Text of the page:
It seems increasingly likely that May secured the consent of the DUP and the Brexiteers by underplaying the significance of the agreement and reminding them that the nuclear option of walking away from negotiations still remains on the table. Like a gambling addict, May approaches each new crisis by doubling down to stay in the game: putting off the the final clash and her own denouement.
The question is: how much damage are the Prime Minister and her coterie prepared to do to the cause of the ruling class in order to hold onto power and avoid a Corbyn government? Whatever the answer, it shall not succeed.
No way forward for May
Brexit was a political earthquake. And like any earthquake it has piled increasing pressure onto other fault lines criss-crossing British capitalism. Northern Ireland is at the centre of the crisis.
For years the contradictions in the North were considered “out of sight and out of mind”. The crisis of British capitalism now makes that impossible. And as the statements by Scottish and Welsh Assembly leaders, Nicola Sturgeon and Carwyn Jones, indicate, a feeling of imposition is growing across the ‘United’ Kingdom as the Brexit negotiations stumble on. The national question is becoming increasingly acute.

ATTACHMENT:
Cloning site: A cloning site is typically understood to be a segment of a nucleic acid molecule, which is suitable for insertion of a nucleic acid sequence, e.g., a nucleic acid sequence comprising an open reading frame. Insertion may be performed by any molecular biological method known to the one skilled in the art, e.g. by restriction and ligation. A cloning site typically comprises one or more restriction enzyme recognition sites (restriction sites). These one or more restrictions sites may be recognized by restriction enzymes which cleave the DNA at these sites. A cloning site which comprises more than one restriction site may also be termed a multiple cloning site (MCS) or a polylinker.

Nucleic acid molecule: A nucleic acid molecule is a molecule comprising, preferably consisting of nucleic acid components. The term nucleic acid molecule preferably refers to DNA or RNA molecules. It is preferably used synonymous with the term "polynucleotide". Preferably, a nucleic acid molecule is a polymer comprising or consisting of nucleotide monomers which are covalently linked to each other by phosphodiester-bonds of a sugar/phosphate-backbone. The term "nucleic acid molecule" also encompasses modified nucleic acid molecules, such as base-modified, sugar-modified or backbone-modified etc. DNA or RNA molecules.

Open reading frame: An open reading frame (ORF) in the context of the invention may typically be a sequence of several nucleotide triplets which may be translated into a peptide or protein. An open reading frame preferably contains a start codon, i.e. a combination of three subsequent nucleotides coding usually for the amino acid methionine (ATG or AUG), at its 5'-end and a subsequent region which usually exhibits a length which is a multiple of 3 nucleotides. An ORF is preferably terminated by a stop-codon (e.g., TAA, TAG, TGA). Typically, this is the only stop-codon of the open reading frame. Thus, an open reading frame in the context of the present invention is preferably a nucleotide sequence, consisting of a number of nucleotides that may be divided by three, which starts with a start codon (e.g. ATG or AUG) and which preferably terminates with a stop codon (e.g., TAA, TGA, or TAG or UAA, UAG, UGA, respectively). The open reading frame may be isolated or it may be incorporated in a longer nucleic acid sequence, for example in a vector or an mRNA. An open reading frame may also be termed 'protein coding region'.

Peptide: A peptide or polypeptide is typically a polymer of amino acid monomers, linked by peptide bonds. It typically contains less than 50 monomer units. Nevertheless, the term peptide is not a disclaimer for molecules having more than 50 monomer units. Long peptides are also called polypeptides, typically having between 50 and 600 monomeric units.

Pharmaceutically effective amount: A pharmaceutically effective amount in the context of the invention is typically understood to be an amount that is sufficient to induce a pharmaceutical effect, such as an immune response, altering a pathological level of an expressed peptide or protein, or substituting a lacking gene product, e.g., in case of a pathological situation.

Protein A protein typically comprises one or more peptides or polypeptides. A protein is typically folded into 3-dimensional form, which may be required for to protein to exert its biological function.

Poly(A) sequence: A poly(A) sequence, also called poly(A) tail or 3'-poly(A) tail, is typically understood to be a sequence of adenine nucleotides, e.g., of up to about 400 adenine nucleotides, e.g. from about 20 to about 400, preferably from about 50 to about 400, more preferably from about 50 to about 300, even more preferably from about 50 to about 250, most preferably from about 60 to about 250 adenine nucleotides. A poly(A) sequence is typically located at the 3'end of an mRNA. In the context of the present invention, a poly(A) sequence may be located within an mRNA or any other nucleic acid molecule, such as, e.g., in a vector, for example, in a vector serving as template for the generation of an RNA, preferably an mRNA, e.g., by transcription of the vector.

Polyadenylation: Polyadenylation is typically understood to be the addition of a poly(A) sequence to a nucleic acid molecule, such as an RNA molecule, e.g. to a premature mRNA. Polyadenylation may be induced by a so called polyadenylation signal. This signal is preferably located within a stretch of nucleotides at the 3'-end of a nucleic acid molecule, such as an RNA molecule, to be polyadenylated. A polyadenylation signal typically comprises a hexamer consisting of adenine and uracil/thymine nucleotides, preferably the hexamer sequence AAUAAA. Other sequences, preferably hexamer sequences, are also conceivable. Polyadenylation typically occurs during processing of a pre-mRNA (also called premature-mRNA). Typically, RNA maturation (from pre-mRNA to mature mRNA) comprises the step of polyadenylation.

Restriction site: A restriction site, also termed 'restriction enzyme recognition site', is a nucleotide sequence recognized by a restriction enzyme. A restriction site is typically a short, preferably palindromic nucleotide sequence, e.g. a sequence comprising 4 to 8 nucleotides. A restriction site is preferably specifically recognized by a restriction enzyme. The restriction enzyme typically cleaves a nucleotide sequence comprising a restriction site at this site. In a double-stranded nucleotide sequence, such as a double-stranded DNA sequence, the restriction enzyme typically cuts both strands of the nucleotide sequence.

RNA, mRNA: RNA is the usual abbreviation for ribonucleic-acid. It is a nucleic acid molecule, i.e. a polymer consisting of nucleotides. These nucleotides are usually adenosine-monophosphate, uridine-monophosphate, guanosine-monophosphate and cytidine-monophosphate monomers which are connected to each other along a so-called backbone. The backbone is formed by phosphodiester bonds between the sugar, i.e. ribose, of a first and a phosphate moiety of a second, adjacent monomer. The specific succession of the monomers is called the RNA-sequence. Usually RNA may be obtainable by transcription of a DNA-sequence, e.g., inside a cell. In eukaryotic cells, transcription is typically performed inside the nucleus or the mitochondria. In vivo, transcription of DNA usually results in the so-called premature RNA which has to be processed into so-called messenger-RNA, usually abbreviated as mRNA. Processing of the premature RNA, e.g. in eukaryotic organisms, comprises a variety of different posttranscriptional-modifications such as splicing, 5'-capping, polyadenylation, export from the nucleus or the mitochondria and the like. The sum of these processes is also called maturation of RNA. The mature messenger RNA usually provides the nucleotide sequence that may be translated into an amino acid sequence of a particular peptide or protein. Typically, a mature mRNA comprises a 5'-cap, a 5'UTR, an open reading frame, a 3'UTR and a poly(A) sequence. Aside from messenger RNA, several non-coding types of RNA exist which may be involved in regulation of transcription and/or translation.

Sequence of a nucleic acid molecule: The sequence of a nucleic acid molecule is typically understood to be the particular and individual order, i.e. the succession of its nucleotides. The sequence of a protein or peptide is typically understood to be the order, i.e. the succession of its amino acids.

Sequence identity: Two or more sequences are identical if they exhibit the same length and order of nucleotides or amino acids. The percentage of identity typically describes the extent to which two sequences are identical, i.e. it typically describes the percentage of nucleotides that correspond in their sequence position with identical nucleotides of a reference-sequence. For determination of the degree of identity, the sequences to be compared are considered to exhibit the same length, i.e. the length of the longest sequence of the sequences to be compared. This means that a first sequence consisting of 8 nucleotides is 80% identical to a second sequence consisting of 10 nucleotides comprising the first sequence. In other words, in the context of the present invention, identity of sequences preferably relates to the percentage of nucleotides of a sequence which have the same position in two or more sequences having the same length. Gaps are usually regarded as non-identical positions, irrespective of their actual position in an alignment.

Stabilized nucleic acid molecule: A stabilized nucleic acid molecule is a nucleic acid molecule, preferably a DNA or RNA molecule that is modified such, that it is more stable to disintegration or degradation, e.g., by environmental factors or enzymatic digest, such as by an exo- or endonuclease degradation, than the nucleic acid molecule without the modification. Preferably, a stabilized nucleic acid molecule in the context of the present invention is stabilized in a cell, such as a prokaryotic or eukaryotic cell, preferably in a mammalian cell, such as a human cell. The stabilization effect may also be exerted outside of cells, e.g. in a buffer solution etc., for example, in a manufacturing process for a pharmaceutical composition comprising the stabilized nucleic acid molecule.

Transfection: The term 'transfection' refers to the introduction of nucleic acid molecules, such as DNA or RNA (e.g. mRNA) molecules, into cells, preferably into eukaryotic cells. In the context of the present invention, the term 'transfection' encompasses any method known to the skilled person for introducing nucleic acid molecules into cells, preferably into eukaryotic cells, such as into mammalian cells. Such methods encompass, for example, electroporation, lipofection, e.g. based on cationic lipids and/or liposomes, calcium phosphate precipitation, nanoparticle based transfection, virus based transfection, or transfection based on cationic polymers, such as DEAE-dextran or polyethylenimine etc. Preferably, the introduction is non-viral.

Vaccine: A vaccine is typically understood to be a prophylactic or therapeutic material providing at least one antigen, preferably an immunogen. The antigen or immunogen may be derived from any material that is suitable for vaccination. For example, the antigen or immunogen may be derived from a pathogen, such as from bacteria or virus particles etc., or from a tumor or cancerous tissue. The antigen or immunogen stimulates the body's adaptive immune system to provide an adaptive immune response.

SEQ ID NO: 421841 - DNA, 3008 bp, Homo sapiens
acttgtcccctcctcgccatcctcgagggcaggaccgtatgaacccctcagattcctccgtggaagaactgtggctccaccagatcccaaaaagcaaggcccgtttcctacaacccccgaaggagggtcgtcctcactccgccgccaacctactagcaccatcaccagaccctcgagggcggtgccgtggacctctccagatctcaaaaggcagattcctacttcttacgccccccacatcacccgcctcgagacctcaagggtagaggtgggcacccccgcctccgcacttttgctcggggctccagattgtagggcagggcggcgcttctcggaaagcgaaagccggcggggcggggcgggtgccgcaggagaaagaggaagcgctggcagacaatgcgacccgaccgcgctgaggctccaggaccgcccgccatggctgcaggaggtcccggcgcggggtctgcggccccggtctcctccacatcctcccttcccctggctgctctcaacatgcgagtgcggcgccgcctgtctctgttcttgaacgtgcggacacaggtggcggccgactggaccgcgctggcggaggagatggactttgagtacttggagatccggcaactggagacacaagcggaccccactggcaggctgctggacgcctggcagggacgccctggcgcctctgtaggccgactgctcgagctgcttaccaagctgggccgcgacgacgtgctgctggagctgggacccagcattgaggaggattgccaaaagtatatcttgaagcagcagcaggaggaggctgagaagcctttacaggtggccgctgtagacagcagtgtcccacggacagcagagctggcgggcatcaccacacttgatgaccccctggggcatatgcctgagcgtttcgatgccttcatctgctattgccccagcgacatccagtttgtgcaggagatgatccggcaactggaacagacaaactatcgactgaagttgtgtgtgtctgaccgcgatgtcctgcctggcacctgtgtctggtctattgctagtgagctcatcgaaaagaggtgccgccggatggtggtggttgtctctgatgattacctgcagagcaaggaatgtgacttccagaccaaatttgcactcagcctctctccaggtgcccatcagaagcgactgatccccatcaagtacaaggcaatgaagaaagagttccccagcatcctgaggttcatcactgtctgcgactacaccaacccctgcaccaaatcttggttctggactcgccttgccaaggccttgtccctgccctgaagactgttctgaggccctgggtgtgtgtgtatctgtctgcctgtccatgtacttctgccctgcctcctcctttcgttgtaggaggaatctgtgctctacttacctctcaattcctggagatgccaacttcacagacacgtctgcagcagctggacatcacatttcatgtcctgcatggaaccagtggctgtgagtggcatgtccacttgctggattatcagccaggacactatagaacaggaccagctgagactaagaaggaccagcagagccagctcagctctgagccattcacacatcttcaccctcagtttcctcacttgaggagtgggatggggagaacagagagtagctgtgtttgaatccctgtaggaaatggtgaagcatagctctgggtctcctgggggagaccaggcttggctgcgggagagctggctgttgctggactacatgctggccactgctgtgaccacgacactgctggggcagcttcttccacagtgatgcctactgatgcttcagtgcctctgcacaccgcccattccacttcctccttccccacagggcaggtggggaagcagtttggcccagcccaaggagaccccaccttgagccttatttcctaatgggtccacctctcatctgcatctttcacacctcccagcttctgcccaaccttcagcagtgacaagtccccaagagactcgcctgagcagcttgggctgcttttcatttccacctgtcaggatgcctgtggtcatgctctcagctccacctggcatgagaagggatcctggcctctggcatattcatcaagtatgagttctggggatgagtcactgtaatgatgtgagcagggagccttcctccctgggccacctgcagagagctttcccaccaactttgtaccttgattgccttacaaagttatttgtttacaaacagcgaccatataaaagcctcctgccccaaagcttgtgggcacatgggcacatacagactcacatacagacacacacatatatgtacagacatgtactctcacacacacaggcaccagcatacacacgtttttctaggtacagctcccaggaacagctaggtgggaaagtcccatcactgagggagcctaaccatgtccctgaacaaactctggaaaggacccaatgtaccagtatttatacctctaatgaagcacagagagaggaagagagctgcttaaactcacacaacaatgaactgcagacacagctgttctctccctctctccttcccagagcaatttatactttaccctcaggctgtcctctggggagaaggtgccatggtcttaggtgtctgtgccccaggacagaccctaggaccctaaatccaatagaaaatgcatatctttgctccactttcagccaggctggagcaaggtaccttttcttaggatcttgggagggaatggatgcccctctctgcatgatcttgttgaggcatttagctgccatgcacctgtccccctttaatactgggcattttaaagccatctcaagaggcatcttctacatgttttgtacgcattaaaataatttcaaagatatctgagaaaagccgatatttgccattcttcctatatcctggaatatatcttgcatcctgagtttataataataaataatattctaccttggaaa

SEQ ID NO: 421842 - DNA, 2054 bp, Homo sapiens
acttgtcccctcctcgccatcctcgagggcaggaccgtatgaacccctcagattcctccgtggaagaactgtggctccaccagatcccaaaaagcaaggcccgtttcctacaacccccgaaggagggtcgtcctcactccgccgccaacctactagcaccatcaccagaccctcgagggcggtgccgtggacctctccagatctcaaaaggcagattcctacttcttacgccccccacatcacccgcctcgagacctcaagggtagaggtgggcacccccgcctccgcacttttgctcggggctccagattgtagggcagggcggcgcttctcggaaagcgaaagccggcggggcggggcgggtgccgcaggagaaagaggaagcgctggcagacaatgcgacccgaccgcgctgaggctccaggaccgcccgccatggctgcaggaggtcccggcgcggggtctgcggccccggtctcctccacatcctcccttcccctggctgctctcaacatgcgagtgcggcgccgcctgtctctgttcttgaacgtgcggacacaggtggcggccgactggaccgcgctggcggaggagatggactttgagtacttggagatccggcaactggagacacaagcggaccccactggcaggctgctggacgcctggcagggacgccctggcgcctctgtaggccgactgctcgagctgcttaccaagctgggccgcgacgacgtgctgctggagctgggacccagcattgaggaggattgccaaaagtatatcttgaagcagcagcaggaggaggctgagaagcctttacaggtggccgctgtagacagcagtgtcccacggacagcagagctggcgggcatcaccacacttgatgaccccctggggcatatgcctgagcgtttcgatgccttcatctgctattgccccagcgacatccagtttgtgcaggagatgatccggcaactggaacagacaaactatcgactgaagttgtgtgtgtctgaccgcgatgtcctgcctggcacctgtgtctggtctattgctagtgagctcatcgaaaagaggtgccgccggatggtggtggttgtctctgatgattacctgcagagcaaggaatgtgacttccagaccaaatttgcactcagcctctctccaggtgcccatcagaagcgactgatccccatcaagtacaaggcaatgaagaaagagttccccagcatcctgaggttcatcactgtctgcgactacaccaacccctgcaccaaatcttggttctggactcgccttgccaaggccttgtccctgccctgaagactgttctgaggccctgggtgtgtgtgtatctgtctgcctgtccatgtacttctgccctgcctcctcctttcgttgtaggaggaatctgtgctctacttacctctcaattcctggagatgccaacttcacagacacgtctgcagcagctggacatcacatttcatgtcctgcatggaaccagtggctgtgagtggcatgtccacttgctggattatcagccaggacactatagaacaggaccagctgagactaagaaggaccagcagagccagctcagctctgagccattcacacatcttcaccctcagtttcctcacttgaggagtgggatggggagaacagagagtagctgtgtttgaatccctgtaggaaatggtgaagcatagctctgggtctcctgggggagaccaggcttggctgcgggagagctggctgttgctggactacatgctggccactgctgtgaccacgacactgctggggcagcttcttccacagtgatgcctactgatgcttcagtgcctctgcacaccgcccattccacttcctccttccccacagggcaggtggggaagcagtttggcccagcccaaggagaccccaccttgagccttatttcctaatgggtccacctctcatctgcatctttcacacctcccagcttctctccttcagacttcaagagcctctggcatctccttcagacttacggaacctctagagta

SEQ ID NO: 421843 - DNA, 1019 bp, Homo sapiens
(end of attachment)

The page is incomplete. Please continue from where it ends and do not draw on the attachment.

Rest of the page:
The can will now be kicked down the road a little further. But these contradictions are bound to burst once more into the open in a few months' time. The choice before May remains unchanged: either give up on Brexit altogether or else leave the EU and erect a border, either on the island of Ireland or in the Irish Sea, stirring up tensions in the North of Ireland. Only now, if 'Hard Brexit' becomes a reality, it is more likely to take the form of a chaotic 'crashing out' than a managed exit.